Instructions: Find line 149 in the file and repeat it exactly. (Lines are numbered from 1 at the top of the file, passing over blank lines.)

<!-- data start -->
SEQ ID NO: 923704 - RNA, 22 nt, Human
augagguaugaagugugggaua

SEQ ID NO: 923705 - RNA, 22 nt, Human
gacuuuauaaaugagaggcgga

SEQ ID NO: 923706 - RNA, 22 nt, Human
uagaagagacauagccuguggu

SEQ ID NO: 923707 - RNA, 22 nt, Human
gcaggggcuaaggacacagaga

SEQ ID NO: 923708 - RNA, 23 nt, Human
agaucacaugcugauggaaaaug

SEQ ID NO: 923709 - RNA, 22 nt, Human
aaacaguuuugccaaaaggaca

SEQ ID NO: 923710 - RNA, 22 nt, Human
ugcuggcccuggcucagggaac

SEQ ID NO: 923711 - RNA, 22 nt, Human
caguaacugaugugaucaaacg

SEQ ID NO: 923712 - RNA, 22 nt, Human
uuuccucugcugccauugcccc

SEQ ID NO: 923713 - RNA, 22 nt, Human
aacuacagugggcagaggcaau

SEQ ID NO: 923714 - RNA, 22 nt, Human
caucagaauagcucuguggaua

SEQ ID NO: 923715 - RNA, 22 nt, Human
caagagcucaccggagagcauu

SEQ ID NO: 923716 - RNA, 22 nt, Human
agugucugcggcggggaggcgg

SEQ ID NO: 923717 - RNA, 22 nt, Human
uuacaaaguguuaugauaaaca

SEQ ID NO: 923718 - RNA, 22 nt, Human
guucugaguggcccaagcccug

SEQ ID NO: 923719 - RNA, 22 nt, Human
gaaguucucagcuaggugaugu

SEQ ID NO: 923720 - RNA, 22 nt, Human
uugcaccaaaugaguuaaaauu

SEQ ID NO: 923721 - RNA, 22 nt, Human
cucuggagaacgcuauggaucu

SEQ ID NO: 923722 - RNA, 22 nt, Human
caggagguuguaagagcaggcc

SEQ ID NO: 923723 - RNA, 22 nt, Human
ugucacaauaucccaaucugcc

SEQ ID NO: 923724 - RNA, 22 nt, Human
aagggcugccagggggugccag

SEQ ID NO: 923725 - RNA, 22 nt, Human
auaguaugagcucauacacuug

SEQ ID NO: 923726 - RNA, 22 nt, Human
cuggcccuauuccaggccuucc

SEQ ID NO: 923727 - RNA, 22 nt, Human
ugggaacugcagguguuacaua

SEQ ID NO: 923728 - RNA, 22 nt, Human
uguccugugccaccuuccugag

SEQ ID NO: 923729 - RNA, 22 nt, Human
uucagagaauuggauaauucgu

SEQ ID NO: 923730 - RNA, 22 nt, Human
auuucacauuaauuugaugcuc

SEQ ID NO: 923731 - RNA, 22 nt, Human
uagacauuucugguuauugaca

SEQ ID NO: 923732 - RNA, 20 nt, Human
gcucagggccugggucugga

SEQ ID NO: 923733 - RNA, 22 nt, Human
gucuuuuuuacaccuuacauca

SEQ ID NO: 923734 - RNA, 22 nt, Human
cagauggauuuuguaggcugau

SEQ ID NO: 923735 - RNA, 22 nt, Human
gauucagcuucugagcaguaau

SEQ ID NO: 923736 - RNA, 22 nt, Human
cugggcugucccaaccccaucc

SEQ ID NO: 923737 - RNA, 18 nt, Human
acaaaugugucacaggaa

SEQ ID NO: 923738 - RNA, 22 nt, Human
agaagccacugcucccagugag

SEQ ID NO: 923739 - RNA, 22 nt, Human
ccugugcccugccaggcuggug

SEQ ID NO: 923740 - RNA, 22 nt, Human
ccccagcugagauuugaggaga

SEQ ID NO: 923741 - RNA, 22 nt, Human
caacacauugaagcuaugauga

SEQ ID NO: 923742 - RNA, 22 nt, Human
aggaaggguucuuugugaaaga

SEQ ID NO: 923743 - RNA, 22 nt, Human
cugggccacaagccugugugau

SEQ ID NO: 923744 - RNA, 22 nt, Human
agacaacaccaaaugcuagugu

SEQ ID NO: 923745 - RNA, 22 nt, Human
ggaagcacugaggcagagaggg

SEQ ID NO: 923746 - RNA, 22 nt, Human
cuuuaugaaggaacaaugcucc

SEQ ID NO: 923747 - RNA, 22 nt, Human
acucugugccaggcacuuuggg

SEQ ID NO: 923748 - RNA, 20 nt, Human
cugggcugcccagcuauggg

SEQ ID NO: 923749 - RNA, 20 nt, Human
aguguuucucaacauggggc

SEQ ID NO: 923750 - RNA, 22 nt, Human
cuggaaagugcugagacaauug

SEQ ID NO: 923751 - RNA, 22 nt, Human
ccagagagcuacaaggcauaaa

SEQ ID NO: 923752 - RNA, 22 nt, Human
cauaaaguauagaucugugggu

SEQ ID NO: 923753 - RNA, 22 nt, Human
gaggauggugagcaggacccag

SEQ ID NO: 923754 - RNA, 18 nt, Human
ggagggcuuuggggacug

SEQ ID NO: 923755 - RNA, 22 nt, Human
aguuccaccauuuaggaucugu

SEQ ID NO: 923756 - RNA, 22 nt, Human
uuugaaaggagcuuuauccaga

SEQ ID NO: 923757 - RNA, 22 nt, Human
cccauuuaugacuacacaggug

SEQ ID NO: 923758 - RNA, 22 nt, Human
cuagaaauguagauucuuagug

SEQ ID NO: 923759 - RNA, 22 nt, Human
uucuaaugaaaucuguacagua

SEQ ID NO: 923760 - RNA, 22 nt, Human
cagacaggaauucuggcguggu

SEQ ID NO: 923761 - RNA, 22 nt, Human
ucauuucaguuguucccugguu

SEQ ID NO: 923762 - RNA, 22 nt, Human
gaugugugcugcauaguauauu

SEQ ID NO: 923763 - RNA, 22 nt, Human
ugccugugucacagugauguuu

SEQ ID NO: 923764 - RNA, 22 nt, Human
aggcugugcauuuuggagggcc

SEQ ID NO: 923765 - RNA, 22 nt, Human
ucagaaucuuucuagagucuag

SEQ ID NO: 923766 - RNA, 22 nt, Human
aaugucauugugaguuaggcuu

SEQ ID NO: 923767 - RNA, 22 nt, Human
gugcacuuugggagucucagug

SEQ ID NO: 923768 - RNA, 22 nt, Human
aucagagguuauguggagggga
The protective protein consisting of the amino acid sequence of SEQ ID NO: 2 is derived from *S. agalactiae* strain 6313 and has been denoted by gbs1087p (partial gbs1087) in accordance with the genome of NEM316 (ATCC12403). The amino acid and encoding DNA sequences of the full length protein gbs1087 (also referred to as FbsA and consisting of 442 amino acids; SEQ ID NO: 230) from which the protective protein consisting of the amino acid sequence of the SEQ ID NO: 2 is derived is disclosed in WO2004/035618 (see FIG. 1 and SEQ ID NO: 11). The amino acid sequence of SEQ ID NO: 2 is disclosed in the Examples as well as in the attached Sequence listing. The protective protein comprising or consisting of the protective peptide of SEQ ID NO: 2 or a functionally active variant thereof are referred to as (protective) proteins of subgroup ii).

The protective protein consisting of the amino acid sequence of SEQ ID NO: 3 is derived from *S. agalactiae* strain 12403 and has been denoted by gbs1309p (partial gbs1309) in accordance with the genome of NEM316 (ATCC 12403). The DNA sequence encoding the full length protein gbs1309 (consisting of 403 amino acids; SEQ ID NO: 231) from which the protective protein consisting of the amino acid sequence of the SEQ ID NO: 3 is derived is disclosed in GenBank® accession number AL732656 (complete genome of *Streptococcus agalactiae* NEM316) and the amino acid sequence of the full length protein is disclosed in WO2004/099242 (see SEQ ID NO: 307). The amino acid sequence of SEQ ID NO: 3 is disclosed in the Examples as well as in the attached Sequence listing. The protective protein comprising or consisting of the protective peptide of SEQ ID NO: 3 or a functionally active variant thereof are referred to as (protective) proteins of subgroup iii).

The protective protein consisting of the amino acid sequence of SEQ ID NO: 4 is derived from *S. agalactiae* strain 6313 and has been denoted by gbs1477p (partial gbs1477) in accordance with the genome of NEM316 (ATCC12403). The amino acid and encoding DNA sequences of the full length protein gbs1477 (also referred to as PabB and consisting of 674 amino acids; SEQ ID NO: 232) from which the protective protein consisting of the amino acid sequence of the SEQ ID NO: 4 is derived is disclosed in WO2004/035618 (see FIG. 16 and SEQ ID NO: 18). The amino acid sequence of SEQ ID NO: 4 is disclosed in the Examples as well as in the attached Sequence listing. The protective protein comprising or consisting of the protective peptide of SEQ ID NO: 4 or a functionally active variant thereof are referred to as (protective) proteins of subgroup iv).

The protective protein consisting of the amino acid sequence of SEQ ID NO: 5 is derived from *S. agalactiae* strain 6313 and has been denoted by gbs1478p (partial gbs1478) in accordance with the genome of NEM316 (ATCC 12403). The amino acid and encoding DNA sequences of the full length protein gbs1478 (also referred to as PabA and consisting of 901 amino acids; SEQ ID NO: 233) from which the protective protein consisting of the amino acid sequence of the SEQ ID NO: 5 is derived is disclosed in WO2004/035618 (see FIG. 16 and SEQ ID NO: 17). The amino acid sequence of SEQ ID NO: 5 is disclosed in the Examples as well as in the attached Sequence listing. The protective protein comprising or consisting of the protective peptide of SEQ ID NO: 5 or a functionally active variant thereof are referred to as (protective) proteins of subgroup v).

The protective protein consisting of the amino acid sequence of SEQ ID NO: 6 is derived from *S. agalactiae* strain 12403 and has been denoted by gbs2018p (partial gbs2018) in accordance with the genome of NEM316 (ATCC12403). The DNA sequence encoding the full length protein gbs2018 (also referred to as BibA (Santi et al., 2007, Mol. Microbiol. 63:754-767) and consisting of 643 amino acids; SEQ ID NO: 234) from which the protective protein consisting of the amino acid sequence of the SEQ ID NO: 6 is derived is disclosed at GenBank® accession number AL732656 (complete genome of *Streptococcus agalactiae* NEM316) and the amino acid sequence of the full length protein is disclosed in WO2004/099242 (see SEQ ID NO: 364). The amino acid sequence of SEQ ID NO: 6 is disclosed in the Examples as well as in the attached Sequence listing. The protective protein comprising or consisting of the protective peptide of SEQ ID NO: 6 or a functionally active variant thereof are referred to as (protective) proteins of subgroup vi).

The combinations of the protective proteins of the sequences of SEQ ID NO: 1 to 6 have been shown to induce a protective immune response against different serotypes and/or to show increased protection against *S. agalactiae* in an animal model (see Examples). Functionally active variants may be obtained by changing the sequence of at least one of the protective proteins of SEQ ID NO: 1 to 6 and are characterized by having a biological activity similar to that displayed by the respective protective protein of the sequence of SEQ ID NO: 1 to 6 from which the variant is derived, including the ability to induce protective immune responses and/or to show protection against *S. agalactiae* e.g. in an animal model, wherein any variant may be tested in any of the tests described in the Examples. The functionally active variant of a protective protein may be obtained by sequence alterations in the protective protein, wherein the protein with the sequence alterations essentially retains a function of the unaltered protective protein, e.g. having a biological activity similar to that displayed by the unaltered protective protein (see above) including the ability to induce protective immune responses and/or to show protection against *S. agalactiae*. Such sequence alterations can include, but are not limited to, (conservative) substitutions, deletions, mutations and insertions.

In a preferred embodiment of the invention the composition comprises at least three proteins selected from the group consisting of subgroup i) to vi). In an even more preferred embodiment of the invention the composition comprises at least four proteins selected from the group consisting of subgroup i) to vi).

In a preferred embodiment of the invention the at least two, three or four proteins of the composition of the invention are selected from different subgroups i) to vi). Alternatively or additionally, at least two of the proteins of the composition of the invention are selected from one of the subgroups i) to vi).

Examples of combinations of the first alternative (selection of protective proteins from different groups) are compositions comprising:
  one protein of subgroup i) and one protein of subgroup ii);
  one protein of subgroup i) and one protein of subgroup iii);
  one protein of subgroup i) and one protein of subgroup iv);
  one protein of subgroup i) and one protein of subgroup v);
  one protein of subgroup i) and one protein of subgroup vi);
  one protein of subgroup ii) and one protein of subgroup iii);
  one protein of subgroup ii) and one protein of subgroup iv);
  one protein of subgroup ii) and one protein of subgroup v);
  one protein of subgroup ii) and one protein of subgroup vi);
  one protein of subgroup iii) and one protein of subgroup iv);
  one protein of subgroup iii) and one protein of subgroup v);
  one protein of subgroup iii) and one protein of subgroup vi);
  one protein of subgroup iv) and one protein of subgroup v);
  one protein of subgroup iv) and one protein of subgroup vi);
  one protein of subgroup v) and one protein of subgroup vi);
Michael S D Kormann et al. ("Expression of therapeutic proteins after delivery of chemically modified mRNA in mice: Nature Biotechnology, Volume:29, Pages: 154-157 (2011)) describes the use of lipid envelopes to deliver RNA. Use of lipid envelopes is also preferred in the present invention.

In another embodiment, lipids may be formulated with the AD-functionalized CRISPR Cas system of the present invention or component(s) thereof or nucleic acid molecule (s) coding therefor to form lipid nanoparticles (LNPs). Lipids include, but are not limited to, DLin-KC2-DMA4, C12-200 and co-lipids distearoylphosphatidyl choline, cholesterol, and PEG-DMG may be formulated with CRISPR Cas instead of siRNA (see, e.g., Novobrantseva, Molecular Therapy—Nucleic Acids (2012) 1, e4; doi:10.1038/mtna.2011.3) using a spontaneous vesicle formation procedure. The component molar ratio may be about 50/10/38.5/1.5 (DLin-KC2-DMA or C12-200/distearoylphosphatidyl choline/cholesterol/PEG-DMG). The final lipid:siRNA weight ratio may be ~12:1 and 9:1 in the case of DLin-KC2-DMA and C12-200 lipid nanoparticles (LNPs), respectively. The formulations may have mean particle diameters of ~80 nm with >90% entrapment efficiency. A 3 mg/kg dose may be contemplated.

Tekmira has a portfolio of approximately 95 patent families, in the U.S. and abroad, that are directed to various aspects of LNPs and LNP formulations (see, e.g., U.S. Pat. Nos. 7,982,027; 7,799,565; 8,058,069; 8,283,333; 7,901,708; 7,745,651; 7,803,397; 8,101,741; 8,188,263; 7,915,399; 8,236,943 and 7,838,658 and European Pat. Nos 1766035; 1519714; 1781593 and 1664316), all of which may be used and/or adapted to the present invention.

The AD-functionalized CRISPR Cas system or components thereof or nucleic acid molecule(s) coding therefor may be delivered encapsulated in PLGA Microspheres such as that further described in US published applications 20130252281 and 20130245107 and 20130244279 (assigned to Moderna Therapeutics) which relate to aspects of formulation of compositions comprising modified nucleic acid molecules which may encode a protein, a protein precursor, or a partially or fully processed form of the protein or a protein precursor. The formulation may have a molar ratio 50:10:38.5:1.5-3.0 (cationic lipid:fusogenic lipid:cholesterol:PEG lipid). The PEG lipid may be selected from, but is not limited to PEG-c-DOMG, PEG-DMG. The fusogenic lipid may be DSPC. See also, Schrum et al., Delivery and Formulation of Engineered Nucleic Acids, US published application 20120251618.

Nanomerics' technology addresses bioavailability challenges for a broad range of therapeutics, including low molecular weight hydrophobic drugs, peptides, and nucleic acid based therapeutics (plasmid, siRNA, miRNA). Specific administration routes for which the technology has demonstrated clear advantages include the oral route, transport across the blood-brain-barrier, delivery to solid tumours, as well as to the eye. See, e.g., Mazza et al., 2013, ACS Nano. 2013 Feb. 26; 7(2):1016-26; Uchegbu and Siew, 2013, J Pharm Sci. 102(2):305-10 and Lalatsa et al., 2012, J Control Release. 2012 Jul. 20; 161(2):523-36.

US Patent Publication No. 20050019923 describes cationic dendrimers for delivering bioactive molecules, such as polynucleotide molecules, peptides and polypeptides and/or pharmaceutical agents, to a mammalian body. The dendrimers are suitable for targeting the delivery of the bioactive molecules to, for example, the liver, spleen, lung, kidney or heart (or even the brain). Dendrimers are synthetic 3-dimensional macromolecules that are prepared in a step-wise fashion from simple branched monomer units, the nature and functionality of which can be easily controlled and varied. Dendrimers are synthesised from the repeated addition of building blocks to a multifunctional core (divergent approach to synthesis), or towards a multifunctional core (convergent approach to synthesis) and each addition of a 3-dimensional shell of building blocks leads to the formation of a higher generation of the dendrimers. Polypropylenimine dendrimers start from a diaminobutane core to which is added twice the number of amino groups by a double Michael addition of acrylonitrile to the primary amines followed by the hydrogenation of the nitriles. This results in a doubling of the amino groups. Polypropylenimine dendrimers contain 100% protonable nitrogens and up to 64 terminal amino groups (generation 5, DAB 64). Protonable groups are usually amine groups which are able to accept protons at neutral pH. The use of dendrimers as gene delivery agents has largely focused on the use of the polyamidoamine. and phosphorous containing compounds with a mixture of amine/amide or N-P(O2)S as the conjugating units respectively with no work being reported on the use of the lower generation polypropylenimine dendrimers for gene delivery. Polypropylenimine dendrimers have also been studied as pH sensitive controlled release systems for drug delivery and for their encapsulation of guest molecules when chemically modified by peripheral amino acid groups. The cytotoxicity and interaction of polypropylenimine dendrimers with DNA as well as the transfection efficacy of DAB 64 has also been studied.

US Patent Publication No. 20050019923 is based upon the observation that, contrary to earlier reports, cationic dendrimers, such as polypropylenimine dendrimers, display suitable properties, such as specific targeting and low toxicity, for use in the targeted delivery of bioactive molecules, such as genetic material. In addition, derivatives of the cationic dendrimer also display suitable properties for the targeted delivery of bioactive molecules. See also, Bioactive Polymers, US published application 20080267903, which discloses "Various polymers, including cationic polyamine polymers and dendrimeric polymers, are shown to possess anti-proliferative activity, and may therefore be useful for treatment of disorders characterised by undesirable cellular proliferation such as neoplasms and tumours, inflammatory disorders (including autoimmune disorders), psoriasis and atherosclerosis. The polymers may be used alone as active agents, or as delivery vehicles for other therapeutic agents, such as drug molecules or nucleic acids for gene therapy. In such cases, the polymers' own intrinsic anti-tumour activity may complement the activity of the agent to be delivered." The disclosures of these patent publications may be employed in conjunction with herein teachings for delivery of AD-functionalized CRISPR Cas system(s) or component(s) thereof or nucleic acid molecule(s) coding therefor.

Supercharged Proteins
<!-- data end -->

  one protein of subgroup iii) and one protein of subgroup iv);